One of my friends was recently mistaken for a grandfather at a playground with his 2-year-old son. This is part of a mini-renaissance of old dads I have been observing in my social circles, a proliferation of 50-something men having babies. While their friends are bundling their kids off to college, they are perusing strollers. Some are perennial bachelors—restless, social, flirtatious men—who have somehow, in their 50s, obtained a child or two. Others simply took longer to find it in themselves to try fatherhood.

Of course, there will be disapproving onlookers who note that this is not necessarily in the best interest of the children. That these kids are losing out on parental vigor. That there is something selfish about giving a kindergartner a 60-year-old dad. A recurring concern among the old dads I know is the vision of themselves as septuagenarians, carrying boxes up flights of stairs and assembling furniture for their children when they are moving into college dorm rooms. This, I think, stands in for larger anxieties about their mortality. “I feel a certain sadness,” one of them told me, “for not being there for more of his life.”

But there may also be some pluses to being older and calmer when you are hanging out with a tiny child. It may be that you can relax and enjoy them more. You can sit on the floor and play because you have let go of some of the frantic, ambitious energy of earlier years. As one old dad put it, “At this age it’s less deranged ambition, more humble purpose.”

In general, it seems like the age factor is decidedly a mixed bag. For every downside—not being able to do as many sports with your kid, your back hurting when you carry a toddler—there seems to be an upside. Being buffeted and banged up a little by life may bring a richness to parenting. Experience transmutes the atmosphere the child is raised in. One of my old dad friends feels that he is able to talk his kid through interpersonal struggles in a more sophisticated way than he would have when he was younger.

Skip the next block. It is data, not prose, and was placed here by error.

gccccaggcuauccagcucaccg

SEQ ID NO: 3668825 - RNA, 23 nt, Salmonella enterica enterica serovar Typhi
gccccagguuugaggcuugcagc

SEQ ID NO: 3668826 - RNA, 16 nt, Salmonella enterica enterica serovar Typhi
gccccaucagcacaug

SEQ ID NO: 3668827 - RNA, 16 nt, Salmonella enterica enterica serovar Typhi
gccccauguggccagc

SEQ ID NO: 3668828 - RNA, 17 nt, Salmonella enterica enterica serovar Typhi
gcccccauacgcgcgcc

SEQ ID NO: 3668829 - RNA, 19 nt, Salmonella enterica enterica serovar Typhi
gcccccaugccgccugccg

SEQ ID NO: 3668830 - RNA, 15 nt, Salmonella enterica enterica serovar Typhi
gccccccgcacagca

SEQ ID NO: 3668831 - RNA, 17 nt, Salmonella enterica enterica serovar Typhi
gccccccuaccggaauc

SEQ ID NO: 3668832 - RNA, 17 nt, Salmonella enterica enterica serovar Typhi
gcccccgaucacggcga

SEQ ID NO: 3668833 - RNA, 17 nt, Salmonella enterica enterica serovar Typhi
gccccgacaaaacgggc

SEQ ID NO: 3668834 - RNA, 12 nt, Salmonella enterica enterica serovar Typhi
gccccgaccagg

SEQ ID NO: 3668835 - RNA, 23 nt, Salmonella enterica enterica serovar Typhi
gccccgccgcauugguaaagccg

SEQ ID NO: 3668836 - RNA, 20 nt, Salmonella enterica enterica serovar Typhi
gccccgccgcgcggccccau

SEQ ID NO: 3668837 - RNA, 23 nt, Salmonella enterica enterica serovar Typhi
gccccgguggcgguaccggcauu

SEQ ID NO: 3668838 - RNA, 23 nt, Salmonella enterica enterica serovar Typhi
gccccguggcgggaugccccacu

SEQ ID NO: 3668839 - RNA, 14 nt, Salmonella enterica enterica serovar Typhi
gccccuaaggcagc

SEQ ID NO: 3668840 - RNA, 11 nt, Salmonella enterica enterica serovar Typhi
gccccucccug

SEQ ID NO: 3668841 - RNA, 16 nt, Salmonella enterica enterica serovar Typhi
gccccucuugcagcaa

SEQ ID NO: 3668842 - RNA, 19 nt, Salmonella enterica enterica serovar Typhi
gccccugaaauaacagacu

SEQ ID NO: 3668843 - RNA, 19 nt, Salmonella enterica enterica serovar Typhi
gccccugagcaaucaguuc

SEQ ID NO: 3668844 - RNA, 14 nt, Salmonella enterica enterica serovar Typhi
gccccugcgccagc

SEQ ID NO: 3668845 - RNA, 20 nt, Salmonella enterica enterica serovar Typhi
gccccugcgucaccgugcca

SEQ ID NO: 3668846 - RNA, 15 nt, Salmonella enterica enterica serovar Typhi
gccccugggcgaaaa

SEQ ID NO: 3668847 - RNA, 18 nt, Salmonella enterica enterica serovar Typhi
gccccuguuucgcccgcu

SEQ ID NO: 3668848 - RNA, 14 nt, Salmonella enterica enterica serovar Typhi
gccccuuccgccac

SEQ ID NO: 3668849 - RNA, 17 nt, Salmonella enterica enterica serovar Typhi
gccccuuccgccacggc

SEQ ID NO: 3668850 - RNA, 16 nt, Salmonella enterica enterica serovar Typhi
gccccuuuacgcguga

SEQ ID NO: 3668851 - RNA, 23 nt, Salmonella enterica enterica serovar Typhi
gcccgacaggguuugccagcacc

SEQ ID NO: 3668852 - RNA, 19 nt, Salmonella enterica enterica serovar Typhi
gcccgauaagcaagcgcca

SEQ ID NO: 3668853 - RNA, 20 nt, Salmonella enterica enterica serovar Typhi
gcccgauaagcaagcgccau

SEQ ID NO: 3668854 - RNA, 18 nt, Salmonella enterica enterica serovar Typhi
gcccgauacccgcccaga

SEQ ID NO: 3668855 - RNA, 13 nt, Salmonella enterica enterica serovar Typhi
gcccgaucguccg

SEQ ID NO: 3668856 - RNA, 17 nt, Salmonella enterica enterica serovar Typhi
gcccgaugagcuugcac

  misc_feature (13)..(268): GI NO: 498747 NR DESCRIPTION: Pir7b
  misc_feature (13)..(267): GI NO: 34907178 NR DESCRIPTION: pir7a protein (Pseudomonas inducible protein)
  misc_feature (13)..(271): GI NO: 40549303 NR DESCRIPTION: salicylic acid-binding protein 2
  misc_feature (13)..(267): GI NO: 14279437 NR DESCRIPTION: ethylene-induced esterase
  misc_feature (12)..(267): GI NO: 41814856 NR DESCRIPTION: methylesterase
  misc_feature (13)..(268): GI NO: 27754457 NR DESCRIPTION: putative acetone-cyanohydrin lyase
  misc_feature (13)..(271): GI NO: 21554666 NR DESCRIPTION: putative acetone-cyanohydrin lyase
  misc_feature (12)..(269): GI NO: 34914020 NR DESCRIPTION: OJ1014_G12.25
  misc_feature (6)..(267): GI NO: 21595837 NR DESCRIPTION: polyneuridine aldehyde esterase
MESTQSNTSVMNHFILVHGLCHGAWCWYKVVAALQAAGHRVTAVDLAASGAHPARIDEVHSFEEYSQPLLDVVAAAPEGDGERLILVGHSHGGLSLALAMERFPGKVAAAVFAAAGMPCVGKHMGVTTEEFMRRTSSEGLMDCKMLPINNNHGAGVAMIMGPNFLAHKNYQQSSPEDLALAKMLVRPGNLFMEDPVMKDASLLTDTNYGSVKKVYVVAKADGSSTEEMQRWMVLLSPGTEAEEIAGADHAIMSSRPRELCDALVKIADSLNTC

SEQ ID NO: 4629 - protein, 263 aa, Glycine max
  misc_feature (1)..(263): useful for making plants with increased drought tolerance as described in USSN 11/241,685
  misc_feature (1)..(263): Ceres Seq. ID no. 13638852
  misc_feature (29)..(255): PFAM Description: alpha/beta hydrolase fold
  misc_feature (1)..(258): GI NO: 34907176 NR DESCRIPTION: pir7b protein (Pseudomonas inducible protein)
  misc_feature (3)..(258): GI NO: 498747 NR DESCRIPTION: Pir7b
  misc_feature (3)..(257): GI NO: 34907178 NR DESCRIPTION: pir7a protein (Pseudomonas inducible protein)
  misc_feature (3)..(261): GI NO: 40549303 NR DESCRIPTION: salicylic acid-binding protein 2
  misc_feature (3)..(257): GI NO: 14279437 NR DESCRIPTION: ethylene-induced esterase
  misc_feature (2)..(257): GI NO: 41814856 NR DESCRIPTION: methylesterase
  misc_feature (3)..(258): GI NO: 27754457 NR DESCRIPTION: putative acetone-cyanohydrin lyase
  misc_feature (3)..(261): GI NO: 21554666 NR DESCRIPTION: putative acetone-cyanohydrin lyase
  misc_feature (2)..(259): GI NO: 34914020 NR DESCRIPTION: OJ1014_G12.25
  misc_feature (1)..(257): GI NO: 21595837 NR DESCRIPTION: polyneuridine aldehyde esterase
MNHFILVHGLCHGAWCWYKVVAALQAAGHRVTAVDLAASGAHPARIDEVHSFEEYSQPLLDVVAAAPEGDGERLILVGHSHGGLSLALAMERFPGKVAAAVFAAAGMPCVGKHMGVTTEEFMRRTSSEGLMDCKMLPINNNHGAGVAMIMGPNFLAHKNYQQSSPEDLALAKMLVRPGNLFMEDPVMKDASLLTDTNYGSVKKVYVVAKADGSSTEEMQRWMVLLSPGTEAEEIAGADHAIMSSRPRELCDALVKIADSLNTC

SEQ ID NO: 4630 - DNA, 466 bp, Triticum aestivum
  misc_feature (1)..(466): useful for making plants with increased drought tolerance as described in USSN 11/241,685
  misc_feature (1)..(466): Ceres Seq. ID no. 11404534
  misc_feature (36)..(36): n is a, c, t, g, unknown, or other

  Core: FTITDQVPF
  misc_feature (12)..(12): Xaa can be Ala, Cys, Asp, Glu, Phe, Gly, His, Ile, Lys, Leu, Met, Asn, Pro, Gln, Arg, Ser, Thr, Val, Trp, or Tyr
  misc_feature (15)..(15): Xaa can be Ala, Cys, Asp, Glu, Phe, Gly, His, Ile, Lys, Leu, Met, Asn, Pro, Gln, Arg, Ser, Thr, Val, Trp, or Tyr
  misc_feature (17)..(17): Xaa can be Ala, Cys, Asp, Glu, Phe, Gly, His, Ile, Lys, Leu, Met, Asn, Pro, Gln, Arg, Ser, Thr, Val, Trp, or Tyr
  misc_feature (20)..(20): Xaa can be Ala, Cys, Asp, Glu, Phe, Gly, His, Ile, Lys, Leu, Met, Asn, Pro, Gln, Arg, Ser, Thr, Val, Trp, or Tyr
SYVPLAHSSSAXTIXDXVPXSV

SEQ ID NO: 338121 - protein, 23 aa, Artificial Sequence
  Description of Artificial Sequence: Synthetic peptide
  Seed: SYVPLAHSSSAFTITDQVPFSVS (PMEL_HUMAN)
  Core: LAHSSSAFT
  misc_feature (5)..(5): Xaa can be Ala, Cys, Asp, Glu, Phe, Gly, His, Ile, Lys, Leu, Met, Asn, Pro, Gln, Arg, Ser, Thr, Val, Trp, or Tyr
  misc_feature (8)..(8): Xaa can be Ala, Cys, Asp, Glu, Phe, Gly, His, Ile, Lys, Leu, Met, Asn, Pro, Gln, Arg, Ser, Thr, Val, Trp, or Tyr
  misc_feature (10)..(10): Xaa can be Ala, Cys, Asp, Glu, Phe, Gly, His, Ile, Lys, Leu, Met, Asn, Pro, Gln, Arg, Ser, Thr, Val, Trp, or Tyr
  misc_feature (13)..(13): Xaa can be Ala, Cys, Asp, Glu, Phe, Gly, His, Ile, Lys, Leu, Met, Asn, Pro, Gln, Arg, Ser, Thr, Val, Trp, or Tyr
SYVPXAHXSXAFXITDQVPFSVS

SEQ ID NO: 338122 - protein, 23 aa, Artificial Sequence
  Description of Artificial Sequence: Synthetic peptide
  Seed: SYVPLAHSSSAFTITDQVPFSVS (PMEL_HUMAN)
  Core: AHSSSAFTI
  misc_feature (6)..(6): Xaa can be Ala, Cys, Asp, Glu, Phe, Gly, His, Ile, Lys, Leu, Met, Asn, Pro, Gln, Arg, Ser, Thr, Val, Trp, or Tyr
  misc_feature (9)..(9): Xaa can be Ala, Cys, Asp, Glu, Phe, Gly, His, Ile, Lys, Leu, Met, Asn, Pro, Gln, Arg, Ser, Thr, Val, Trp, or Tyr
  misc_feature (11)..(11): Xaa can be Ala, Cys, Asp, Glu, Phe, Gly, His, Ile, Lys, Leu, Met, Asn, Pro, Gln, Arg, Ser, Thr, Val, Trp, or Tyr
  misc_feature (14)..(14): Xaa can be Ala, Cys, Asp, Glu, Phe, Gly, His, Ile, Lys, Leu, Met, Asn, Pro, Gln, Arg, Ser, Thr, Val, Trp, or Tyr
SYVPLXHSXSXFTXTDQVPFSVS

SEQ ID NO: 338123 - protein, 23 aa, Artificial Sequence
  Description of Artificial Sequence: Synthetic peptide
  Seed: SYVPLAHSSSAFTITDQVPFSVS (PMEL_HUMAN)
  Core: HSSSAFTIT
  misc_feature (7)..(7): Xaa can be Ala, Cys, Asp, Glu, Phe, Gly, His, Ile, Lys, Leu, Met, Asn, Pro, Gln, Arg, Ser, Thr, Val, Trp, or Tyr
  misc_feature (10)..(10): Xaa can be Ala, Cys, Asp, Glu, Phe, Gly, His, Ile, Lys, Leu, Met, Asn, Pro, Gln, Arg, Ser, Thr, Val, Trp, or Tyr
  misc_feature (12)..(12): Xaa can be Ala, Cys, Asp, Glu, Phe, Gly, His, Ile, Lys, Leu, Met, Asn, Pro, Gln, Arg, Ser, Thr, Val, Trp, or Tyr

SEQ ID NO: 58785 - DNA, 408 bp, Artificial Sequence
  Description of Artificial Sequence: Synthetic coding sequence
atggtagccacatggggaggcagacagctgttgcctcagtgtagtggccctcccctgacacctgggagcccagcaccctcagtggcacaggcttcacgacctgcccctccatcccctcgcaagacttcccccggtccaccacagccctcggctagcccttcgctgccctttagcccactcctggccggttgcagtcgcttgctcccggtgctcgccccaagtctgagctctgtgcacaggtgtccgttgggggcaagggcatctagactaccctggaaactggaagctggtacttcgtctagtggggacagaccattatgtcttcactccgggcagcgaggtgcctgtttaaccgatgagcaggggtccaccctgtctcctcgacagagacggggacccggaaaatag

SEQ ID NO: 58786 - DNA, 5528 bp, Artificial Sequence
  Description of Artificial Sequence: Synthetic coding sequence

Being calmer, more settled, steadier, helps with parenting. Several of the old dads said they felt the constraint and sacrifice of staying home with a child less than they would have in younger years. They no longer care about going to parties or spontaneously taking off on a trip.

I found it interesting that these men felt some of the same social stigma of childlessness, and familylessness, that single women feel. We tend to think men are immune to these types of pressures, that they glide through life doing whatever they want. But one of the old dads said that having a baby “actually improved my standing with my friends and family. People are skeptical and judgmental when you are without a family. Having a child gave me a certain amount of credibility. It made people think I had finally grown up. I was no longer this Peter Pan figure.”

Another of my friends, with a newborn in his mid-50s, noted that after his male friends had babies 20 years earlier, “I was a curiosity, bringing adventure stories of the single life. I was living their escape fantasies. I didn’t realize how superficial our friendships had become until I had a kid and they initiated me into their intense private club of dads.”

Some may be tempted to argue that behind every radiantly happy old dad is a woman who is doing more of the day-to-day child care. This is true for many of the old dads I know, but definitely not all of them. The novelist Akhil Sharma, who wrote a gorgeous essay about deciding to have a baby in his early 50s, does more of the child care than his wife, who is finishing an advanced degree. He has felt a blow to his productivity: “It’s like they say. You sleep when the baby sleeps. You write novels when the baby writes novels.” But he is grateful to get to love her. He has become a new person.

In some sense, this is a twist on the traditional midlife crisis. Instead of a car or an affair disrupting everything and giving you a fresh start, there is a baby.

As a new father, one gets a burst of energy. John Updike once wrote that having affairs gave him a glimmer of immortality. He wrote about “bending odd hours into an unprecedented, and unsuspected second life.” Having a baby so late can do this too; it can give one the feeling of fresh beginnings, newness. You are not young, but you are doing a young thing. The other parents in your child’s class are young. A little of that youth brushes off on you.
It is rare, deep into adulthood, to be able to reinvent your life. To totally shake up your identity and forge a new one. To embark on a great new project that remakes you.

The other day I was shopping for a baby gift for a 50-something new father. Outside it was raw and cold, and as I picked a tiny red sweater from the racks, I felt a brightness. I was happy for my old friend who has stumbled on this joy after nearly missing it. I felt a little spark of the newness, the energy, the freshness myself.